(from left to right)

Stage 0 -- Immature stage: small, closed, green bud; acceptable to market.

Stage 1 -- Immature stage: opening green bud; the head still droops naturally, as the stem is not yet strong enough to hold it upright.

Stage 2 -- Early stage: open bud, bracts still small and green, florets <10mm; preferred by only a few markets, eg export. Among certain cultivars (eg all-year-round flowering), partly opened buds will fully open during shipping to export markets.

Stage 3 -- Flower open, held upright on stem; bracts fluorescent white; centre of flower light green.

Stage 4 -- Flower open; latest stage for picking; centre of flower light green. Prime for domestic markets.

Stage 5 -- Overmature: centre of flower light brown.

Stage 6 -- Closing: not accepted by many markets.

Stage 7 -- Bracts closed.

Stage 8 -- Finished: seeds formed, bracts open or reflexed backwards.

The flowering season for flannel flowers is august to January,
with a peak in spring. we also have a limited crop of
greenhouse grown flowers available all year round.


TYPICAL VASE LIFE is 14-21 days in a vase, although export can reduce this period.




  • Clean, white bracts with green tips (length of green tip depends on cultivar).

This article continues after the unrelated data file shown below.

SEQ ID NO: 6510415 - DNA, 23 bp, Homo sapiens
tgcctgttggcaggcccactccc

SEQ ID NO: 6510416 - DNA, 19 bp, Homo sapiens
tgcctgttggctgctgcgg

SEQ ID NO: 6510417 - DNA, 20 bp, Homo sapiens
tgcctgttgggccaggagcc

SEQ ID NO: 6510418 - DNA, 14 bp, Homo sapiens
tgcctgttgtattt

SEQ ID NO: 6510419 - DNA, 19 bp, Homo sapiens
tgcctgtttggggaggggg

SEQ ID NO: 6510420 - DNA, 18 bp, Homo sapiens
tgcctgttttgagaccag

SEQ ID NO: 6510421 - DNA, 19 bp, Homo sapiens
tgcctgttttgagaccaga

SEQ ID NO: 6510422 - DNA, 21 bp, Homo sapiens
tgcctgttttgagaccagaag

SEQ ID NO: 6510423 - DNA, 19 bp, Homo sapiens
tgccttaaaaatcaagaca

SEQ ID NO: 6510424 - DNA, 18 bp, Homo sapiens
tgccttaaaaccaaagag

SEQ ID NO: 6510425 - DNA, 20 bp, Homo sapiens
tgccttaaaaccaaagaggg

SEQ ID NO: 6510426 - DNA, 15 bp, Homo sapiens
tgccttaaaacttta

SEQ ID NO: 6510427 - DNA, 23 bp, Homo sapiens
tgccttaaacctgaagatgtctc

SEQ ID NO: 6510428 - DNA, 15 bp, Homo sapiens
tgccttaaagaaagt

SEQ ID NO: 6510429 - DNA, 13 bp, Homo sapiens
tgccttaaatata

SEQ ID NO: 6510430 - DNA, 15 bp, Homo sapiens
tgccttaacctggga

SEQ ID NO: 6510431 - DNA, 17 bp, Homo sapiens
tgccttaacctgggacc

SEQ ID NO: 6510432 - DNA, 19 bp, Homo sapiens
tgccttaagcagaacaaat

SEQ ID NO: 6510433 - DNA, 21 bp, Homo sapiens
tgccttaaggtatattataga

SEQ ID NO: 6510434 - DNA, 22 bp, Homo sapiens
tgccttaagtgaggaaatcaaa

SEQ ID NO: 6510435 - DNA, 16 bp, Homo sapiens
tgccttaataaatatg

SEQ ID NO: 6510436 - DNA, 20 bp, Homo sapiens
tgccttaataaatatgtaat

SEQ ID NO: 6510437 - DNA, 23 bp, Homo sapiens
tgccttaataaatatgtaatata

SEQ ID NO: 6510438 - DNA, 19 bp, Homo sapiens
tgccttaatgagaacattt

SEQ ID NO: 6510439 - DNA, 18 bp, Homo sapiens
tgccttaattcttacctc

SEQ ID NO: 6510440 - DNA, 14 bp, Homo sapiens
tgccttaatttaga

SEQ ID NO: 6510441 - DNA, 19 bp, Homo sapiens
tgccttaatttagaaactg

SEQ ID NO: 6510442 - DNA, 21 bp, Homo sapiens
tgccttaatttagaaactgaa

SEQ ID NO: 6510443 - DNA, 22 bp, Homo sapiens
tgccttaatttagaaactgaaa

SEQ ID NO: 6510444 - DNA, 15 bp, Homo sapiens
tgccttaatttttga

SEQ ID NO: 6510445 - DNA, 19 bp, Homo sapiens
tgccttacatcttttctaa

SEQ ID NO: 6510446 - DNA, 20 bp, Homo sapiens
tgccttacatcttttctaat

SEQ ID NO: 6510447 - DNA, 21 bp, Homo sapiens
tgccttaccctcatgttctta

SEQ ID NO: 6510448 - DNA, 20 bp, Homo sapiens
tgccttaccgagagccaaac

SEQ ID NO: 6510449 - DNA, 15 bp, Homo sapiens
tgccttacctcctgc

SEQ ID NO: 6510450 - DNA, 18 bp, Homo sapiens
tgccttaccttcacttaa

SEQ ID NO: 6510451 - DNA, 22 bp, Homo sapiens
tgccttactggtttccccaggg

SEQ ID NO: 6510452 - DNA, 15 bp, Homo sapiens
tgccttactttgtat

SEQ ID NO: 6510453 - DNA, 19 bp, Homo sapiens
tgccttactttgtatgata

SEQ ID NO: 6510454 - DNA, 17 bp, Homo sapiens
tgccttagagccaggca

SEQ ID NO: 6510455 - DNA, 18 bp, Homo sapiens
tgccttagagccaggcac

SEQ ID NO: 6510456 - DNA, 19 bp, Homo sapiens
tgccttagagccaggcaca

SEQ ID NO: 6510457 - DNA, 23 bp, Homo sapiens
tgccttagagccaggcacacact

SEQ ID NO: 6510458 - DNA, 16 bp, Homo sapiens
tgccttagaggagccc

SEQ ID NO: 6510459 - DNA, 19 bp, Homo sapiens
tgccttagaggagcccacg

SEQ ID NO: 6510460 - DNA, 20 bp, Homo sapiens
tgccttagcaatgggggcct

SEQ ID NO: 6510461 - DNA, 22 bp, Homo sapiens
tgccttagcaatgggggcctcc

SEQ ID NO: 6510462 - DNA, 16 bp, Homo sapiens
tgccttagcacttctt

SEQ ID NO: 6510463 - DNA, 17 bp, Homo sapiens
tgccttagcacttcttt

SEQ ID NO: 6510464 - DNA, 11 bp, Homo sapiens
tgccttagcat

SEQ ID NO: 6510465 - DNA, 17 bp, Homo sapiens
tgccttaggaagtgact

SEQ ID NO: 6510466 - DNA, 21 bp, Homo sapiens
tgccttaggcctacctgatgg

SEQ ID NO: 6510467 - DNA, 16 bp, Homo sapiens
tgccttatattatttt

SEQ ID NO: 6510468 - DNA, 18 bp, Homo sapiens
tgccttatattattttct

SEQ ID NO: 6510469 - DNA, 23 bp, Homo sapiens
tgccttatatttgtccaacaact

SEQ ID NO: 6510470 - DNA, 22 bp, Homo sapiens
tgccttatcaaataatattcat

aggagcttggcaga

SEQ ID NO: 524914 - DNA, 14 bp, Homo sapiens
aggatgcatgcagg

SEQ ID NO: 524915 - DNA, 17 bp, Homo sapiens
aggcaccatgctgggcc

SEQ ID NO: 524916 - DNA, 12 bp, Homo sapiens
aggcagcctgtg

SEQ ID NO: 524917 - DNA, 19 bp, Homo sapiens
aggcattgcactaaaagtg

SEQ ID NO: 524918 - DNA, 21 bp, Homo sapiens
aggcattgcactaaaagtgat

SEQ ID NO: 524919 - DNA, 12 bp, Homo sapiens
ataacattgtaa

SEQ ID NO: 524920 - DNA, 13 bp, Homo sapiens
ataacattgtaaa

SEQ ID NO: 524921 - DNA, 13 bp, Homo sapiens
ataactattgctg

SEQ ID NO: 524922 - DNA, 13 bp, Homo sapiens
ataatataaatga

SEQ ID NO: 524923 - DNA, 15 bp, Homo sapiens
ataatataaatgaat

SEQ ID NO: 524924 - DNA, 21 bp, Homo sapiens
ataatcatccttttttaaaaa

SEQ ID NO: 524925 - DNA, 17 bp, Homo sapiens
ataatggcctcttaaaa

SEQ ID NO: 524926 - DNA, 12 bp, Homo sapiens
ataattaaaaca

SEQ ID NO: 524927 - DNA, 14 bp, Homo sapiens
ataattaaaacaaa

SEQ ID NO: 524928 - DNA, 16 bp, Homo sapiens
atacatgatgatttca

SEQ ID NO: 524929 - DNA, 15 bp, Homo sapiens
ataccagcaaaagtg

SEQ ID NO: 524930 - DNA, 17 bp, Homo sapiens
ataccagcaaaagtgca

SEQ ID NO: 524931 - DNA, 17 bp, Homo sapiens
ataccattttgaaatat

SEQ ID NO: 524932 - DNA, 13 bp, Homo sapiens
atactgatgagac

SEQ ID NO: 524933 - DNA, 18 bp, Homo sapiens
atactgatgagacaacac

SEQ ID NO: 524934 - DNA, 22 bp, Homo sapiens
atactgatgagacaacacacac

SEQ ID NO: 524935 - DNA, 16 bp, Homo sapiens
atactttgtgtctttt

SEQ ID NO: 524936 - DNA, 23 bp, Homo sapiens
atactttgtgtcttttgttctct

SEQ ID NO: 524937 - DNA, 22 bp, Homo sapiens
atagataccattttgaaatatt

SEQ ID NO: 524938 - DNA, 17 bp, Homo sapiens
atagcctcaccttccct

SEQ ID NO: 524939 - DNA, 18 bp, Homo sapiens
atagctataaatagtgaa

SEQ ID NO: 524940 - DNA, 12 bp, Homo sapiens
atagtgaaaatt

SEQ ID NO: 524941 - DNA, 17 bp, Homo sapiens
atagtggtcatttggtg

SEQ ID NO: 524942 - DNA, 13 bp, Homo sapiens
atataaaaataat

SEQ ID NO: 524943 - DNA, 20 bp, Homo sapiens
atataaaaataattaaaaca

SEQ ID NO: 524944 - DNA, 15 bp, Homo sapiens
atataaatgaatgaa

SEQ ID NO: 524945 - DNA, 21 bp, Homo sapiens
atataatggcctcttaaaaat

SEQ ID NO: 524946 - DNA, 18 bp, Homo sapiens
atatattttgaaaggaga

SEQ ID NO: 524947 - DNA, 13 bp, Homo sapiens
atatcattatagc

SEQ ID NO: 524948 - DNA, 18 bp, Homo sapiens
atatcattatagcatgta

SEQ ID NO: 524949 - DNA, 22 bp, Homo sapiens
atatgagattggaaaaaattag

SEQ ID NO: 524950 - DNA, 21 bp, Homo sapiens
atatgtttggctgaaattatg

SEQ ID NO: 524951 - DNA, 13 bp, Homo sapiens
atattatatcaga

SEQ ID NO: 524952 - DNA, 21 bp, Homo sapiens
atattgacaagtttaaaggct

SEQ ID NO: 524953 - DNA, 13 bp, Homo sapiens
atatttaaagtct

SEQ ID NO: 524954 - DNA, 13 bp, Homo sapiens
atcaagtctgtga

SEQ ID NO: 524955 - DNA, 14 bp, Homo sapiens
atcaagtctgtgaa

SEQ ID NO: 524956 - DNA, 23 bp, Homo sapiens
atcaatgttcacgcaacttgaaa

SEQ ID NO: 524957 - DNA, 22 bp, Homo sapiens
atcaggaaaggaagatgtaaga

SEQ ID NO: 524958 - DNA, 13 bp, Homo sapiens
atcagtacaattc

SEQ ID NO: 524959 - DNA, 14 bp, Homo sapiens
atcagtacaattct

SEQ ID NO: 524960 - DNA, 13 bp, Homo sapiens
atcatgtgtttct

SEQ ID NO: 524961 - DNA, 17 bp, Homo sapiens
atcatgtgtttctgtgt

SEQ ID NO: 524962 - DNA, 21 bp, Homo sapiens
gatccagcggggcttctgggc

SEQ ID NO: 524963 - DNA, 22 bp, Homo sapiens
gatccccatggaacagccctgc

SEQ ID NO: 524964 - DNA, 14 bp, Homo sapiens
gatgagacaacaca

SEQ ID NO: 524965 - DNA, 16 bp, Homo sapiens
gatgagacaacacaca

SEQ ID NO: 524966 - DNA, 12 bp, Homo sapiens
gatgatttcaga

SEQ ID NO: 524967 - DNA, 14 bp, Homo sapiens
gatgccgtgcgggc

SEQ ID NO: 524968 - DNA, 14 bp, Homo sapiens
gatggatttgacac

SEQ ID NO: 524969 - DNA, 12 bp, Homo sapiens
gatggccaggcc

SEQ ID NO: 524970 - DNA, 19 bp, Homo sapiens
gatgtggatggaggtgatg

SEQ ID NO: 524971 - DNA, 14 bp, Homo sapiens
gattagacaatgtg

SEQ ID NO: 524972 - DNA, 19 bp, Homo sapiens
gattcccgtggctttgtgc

• Minimum size is 3cm (or the size of a 50 cent coin).
  • The most mature flower on the stem must be fully developed, with the petal-like bracts mostly or fully reflexed (bent back) and the central dome at full size. Individual flowers in the central dome are open or about to open. No browning of central flower mass (which indicates ageing). 


  • For domestic market: when one flower is fully open (stage 2 or 3).
  • For export: when one flower is at stage 1 or 2.
  • Avoid harvesting when flowers are wet.


  • No obvious damage to bracts.
  • No obvious blemish (sunburn, wilting of individual flowers).
  • Minimal noticeable bract browning or other blemishes.


  • Product free of grit and soil, weeds or weed seeds, living or dead insects, and signs of insects or spiders, such as webbing. 


  • No insects, insect damage or disease.



  • Fresh grey-green, not wilted.
  • Remove from lower 1/3 of stem.


  • Free of evidence of pests, disease or other blemishes, including mechanical damage.



  • Rigid and strong enough to support blooms.
  • Relatively straight with <20 degree bend.
  • Not damaged by removal of leaves.
  • Neatly cut end.


  • As long as possible, but never cut into the oldest part of the stem (or plants lose vigour).


  • Minimise drying out and exposure to heat - pick when it is cool, preferably straight into buckets of clean potable water. Do not add sugar.